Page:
Costly BurdenNow that the adventures in babysitting are...


February 25, 1993

Costly Burden

Now that the adventures in babysitting are over, and Bill Clinton has made his third choice for attorney general, we are still facing the dilemma of illegal immigrants.

With our current population at 256 million and immigrants pouring into this country at the rate of 800,000 a year, it is remarkable that official estimates say 100,000 of them are illegal.

If we assume that the Immigration and Naturalization Service works on the pervasiveness, it is also time for the public to lend a helping hand because of the astronomical cost to this nation.

Take the case of Judge Kimba Wood of the Federal District Court in New York, who withdrew her name saying that her baby sitter had been an illegal alien for seven years. That is seven years probably of unpaid personal income taxes.

If 100,000 illegals earned $6 an hour for 37 hours a week for seven years, simple arithmetic will tell you that it amounts to $1.5 billion in taxable income.

Ergo, the public should be thinking about this when preparing income tax, because they will be paying for non-taxpaying illegals.

Furthermore, the cost doesn't stop with taxes. The astonishing comment in the media that practically all of the Haitians at Guantanamo were infected with AIDS brings up the specter of health care.

Can we as a nation provide for the care of illegals with our health care in shambles?

We cannot afford the cost of the burden of impropriety. The harboring of illegals, the hiring of illegals or the provision of a safe house is an unlawful act, and this is costly to all of us.

J. Allnutt


Fun County

What an exciting, fun-filled week for residents of Baltimore County. Hundreds of county employees laid off, senior centers and libraries closed, and more school budget cuts ahead.

My reaction is one of anger and frustration. It seems that our county is being stripped of the programs and services that brought care and enjoyment to residents of all ages.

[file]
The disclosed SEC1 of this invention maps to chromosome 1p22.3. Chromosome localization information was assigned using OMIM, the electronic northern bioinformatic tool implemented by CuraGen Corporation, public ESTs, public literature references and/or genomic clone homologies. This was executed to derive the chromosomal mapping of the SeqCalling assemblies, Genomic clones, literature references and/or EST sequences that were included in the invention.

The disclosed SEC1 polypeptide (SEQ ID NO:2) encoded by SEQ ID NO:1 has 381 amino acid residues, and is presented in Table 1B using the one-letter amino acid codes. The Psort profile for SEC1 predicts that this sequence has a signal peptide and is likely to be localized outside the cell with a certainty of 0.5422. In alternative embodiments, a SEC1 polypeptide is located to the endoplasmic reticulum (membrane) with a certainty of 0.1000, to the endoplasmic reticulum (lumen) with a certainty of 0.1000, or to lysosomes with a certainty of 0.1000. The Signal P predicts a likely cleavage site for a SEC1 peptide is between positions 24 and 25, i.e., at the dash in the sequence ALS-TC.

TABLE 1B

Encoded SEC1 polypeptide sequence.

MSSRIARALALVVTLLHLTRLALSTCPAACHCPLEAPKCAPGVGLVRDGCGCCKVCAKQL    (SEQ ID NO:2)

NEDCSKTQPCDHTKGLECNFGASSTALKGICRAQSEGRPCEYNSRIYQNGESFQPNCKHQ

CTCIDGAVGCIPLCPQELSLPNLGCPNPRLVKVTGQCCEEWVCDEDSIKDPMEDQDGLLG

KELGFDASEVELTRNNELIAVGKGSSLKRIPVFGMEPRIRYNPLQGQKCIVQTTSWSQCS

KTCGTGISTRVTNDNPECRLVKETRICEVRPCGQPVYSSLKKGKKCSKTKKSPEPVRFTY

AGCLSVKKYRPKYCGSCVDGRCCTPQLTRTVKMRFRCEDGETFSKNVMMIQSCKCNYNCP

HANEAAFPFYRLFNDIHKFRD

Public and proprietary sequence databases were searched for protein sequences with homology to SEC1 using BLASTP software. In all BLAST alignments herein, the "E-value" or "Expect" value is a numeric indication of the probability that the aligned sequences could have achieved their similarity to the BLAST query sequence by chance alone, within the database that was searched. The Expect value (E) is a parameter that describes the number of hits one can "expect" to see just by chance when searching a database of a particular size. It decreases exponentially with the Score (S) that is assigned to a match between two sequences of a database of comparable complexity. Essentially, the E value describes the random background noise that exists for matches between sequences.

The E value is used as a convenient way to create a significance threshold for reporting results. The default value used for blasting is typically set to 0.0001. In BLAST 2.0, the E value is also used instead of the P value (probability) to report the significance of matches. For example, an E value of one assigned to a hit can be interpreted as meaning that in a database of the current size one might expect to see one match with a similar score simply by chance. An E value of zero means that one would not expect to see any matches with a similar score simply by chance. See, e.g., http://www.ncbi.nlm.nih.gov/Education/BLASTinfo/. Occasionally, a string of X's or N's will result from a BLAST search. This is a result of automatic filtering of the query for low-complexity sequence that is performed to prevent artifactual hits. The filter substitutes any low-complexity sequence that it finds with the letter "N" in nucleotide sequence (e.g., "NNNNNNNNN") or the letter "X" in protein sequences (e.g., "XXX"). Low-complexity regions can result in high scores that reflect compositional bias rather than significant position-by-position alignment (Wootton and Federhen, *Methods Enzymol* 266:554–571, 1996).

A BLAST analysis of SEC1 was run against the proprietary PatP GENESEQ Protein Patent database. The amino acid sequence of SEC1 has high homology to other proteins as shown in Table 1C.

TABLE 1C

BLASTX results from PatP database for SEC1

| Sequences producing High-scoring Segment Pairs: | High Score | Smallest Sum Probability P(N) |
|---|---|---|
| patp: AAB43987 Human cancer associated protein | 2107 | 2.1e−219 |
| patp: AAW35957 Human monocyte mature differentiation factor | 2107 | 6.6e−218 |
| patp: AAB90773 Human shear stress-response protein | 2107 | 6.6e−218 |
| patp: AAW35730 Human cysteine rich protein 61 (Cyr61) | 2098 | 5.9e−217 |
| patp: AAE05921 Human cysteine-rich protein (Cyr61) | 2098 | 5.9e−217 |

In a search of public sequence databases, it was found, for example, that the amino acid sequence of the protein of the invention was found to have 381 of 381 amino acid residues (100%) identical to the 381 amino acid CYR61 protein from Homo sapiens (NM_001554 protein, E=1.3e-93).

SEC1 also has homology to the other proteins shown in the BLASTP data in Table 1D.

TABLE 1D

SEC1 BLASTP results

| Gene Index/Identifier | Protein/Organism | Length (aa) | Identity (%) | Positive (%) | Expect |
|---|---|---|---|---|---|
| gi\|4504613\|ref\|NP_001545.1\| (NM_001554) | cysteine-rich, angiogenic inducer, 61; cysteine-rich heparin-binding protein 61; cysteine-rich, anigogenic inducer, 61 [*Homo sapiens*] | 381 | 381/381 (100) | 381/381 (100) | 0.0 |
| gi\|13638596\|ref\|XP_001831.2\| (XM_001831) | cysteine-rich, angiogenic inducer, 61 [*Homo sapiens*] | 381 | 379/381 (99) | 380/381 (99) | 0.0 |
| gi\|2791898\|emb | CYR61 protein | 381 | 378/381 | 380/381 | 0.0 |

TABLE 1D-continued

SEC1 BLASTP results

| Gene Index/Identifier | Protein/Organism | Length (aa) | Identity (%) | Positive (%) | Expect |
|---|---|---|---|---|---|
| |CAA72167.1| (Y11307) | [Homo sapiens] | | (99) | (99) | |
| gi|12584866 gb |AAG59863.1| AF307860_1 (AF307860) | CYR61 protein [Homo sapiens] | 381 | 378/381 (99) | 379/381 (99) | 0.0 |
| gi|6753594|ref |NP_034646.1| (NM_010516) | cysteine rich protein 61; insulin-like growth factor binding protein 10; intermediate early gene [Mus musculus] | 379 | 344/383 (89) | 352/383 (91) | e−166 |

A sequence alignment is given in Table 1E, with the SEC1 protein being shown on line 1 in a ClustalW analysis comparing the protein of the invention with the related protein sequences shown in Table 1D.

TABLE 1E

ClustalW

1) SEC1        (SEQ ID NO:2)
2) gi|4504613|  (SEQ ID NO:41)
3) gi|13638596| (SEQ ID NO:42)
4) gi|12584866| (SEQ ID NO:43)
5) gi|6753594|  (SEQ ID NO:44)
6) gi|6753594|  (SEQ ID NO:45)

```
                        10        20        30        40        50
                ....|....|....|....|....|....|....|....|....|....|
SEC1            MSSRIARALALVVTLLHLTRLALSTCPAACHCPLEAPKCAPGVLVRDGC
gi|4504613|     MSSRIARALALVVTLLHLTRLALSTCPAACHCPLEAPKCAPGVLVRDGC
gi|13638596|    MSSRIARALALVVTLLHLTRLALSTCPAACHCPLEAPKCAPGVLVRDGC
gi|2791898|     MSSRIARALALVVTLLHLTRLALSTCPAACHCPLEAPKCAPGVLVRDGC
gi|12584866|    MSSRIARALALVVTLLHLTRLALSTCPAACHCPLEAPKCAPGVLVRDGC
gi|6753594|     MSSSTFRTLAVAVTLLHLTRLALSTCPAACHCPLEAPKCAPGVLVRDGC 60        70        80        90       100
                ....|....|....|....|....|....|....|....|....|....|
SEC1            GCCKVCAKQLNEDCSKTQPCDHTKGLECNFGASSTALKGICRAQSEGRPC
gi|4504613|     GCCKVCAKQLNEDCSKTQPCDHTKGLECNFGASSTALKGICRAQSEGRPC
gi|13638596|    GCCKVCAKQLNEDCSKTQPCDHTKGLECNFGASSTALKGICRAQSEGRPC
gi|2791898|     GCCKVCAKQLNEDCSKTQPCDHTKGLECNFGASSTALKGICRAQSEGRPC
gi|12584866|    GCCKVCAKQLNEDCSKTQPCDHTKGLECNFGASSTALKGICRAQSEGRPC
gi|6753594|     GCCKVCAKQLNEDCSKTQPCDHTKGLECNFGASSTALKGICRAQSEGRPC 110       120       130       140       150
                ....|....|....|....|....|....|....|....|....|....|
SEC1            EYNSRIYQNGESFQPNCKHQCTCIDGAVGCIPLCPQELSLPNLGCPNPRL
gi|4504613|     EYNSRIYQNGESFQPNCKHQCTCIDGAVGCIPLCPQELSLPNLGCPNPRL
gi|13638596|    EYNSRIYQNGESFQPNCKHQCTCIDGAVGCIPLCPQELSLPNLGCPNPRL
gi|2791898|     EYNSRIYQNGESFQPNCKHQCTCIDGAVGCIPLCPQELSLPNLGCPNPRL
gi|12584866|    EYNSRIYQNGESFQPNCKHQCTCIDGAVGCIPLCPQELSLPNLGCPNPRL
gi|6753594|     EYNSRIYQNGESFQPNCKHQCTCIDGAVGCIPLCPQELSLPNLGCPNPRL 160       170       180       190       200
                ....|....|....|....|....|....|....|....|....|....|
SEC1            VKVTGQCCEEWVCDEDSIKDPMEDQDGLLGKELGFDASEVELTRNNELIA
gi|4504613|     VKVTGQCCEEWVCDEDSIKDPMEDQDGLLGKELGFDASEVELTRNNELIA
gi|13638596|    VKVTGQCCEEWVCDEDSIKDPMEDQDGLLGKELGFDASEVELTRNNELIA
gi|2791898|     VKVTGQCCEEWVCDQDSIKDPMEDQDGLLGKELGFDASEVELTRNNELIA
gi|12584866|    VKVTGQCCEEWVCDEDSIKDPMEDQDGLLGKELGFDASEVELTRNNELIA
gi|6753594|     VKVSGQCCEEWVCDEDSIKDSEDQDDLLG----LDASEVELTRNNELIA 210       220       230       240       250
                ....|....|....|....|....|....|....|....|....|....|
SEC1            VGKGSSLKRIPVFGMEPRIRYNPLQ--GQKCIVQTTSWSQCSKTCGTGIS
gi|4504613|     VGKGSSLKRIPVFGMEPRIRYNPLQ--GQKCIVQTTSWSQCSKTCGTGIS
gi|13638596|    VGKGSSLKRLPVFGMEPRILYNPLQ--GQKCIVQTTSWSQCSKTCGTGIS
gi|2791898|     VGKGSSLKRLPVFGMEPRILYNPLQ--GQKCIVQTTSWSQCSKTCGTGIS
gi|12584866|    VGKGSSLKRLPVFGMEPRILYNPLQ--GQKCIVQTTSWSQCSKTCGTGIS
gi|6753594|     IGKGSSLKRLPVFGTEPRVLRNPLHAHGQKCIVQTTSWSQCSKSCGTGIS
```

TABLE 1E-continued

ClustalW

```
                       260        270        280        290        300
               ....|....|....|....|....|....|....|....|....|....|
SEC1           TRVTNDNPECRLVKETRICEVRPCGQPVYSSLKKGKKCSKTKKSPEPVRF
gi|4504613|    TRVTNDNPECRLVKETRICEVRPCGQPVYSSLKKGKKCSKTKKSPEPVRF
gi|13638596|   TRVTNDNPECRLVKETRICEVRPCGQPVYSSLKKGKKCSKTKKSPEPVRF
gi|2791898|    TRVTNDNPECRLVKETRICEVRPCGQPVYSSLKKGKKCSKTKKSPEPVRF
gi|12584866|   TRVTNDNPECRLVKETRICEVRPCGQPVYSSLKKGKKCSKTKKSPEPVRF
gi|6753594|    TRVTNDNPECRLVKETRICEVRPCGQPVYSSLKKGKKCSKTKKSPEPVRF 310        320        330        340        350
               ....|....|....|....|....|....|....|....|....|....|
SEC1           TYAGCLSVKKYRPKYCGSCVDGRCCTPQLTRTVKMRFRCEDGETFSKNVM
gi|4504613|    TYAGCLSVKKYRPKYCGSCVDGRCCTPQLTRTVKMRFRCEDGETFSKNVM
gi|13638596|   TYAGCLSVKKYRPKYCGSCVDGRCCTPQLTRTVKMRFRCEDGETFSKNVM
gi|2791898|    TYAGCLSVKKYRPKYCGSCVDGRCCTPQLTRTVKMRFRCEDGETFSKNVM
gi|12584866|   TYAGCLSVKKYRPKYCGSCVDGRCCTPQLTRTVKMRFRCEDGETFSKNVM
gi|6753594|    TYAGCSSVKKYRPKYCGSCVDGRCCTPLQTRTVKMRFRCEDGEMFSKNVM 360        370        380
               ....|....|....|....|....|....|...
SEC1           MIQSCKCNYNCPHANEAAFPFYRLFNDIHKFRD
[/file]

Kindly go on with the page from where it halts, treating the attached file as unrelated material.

"Quality of life" may be an intangible term, but I can feel that "quality of life" slipping away in Baltimore County.

Sherlynn Matesky

Owings Mills

Small Change?

For goodness sake: $12 a month? Is that what all the hysteria is about?

Throw in another $50 or so for fuel taxes and you get a shocking $200 a year in new taxes for the average four-member family.

That's about what you would spend on a couple of nice dinners out. In my smoking days I spent three times that much on cigarettes.

+ Why is everyone so excited?

Michael Kernan



The Sun participated actively in the lynching of John Arnick. The local media, including The Sun, failed to cite John's progressive support of women's issues in Annapolis.

In fact, committees which he chaired passed some of the most important women's legislation of the past decade.

PD It's now apparent The Sun is pandering to the "talk show" crowd.

Thomas T. Koch


Re Arnick: Bah

Now that John Arnick has been rejected for a position which requires"advice and consent," guard the back door. He was to be given the position not because he was the best candidate but because of a political payback.

When things quiet down, that payback will be made. He will get an appointment to a government job which does not require a public approval process. Politicians, bah!

Larry Johnston


'I've Finally Blown My Top'

I've been wanting to write this letter for some time now. The steam has been building and I've finally blown my top.

My gripe concerns the glut of mail I receive every day for charitable contributions.

I have more greeting cards, mailing labels, pens and calendars than I'll ever use.

Some items I keep, some are recycled and the rest I throw away. This pains me because it is such a waste.

husband and I give to numerous charities. We do as much as we can to help others but we can only afford to give once a year to each one -- and even after we give, we receive more mail from the same charities asking for additional funds.

Even more frustrating is the fact that a lot of these charities are now sending return envelopes with postage stamps on them and coins -- pennies, nickels and dimes.

Why are they sending out thousands of valuable postage stamps and coins through the mail when they could be using them to help the very people for whom they're soliciting funds? It seems so senseless to me.

The straw that broke the camel's back was a letter that arrived with a photo of a starving African child and, glued next to it, a small plastic packet of powdered milk. The sentence underneath said that the milk was enough to make one cup -- and without the milk, the child may die.

Well then, why was I standing there holding it in my hand? Why wasn't it in Africa saving this precious life?

People are being ripped off every day -- not just those of us who give, but more importantly those who need our help the most.

F: Something has to be done about this. Enough is enough.

Susan E. DiVenti


Rosewood's Nonviolent Residents

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